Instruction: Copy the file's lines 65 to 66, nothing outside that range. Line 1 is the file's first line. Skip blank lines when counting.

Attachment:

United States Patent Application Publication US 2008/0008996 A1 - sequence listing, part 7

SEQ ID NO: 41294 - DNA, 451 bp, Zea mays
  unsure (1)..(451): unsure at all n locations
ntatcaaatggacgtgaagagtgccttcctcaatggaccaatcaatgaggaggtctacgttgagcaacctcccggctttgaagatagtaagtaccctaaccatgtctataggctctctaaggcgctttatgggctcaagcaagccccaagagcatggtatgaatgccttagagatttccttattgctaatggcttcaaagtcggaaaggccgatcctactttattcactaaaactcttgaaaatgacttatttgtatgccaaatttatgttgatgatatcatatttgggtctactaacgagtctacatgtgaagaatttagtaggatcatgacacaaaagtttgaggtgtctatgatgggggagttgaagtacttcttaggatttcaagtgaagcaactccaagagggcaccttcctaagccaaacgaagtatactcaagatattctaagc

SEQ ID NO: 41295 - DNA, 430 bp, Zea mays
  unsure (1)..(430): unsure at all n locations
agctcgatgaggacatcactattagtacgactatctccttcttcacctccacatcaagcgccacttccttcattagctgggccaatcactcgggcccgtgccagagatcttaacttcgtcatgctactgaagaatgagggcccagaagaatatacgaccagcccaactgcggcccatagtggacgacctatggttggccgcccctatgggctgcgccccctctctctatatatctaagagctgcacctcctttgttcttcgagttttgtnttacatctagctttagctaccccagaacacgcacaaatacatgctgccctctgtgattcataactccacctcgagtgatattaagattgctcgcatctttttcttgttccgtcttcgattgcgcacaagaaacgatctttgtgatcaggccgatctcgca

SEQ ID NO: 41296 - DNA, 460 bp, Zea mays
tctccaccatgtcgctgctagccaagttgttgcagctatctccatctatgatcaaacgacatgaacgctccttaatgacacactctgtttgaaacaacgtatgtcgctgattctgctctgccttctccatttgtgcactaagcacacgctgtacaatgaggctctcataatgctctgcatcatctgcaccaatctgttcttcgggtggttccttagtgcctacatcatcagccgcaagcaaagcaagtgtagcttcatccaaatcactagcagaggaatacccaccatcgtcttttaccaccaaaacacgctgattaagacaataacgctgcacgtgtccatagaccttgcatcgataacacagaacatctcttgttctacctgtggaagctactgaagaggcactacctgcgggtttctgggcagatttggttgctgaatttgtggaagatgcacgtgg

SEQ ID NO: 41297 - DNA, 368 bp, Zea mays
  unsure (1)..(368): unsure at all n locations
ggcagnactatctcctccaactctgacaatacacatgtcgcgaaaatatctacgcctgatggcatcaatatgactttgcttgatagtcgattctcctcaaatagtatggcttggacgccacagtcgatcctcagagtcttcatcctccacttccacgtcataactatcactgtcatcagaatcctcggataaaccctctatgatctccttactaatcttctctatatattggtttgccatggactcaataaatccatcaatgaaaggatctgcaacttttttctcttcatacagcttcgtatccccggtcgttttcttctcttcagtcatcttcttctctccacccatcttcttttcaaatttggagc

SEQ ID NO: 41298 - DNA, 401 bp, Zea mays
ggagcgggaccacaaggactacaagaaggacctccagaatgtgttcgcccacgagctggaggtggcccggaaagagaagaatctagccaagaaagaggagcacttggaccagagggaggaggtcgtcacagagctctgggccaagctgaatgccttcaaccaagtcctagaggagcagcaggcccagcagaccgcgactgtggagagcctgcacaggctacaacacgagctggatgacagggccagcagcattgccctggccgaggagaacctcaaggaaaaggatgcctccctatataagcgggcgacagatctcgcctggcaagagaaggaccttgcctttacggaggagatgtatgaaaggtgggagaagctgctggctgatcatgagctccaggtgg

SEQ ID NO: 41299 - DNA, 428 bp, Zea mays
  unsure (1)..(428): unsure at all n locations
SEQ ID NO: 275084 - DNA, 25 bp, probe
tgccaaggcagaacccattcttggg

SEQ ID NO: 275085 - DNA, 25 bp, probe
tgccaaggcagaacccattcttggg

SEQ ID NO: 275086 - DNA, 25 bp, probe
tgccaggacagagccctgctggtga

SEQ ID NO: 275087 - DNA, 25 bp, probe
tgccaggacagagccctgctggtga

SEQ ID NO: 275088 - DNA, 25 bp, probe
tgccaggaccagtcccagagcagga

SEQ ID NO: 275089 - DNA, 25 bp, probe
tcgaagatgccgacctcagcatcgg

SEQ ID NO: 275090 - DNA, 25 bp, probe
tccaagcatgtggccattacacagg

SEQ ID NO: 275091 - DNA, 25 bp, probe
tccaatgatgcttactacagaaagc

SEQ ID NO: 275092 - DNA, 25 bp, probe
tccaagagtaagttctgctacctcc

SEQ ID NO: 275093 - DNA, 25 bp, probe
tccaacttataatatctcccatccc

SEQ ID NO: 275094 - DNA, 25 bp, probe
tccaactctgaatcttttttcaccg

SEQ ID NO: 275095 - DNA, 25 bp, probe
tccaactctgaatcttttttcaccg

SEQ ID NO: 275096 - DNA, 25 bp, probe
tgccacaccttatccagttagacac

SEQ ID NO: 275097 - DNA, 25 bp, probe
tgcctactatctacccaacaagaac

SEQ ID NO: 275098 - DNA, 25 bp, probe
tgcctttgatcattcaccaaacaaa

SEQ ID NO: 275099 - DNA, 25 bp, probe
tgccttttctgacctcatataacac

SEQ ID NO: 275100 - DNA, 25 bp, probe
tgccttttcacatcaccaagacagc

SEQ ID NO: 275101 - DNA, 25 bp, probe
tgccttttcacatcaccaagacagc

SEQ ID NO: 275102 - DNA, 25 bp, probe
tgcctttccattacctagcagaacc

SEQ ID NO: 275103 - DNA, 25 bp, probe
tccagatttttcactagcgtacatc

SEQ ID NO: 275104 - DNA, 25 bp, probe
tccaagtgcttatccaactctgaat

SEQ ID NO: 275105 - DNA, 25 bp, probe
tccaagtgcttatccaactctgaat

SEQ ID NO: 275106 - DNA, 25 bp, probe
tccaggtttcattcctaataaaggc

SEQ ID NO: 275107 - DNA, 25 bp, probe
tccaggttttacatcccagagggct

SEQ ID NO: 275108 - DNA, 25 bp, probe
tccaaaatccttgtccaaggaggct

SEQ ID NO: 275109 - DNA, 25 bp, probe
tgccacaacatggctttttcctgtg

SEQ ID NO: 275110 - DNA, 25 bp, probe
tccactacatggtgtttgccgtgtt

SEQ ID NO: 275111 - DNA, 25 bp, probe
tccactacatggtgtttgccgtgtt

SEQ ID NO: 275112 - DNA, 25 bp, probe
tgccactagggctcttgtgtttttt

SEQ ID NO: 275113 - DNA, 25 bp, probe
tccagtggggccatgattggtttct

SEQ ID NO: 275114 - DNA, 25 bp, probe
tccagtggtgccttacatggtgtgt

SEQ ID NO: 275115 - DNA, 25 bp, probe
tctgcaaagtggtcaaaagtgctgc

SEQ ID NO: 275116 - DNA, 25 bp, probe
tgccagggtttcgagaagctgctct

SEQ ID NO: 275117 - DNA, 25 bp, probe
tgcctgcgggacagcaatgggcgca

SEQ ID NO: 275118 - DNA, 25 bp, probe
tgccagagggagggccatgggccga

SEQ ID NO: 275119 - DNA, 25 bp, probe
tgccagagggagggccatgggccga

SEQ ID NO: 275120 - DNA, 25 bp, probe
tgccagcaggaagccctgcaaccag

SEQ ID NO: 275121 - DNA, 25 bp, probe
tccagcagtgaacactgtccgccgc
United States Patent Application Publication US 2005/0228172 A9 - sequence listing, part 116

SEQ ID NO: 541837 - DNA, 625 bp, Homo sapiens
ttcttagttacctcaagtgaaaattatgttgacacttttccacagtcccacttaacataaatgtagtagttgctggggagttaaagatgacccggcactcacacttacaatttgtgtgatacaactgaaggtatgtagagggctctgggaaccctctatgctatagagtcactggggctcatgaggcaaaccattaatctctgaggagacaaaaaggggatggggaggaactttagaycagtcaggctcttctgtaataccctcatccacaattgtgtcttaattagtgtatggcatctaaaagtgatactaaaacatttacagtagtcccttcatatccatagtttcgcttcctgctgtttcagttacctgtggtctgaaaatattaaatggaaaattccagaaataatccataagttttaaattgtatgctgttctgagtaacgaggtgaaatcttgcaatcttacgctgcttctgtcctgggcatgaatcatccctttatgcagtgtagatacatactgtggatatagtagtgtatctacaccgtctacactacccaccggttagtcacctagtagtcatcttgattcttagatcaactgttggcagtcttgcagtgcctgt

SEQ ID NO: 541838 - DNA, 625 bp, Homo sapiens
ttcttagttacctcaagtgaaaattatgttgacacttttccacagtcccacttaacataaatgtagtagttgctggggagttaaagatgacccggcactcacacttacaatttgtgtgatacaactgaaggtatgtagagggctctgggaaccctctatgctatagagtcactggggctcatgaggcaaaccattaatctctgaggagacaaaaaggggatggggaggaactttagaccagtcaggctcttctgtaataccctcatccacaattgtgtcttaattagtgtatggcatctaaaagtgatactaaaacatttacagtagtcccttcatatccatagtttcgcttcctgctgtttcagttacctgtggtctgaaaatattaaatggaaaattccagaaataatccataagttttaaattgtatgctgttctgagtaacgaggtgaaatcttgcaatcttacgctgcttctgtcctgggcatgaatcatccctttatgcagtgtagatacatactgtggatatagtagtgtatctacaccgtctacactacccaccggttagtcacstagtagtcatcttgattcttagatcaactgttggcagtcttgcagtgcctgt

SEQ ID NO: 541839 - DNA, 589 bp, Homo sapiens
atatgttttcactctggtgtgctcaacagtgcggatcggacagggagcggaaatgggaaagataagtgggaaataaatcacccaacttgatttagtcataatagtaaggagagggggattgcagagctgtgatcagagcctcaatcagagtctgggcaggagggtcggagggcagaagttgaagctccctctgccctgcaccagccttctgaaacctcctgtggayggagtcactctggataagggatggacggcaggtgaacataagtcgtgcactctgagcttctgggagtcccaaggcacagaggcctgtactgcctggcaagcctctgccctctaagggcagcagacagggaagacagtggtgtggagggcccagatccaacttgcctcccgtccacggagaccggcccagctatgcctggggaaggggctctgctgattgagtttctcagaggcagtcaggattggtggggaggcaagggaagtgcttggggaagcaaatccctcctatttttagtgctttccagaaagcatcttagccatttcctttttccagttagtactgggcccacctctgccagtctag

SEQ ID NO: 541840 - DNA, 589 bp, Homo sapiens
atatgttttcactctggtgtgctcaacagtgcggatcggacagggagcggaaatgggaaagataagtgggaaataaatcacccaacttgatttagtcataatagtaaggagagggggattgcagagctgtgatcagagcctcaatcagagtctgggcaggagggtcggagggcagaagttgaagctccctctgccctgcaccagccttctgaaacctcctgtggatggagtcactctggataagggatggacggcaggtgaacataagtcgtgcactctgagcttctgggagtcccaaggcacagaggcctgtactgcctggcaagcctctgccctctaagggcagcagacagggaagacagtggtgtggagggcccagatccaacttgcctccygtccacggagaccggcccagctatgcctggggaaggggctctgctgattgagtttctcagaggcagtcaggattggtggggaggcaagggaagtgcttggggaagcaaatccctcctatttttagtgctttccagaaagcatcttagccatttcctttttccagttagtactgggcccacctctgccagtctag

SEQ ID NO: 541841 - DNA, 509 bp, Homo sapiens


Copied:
SEQ ID NO: 275108 - DNA, 25 bp, probe
tccaaaatccttgtccaaggaggct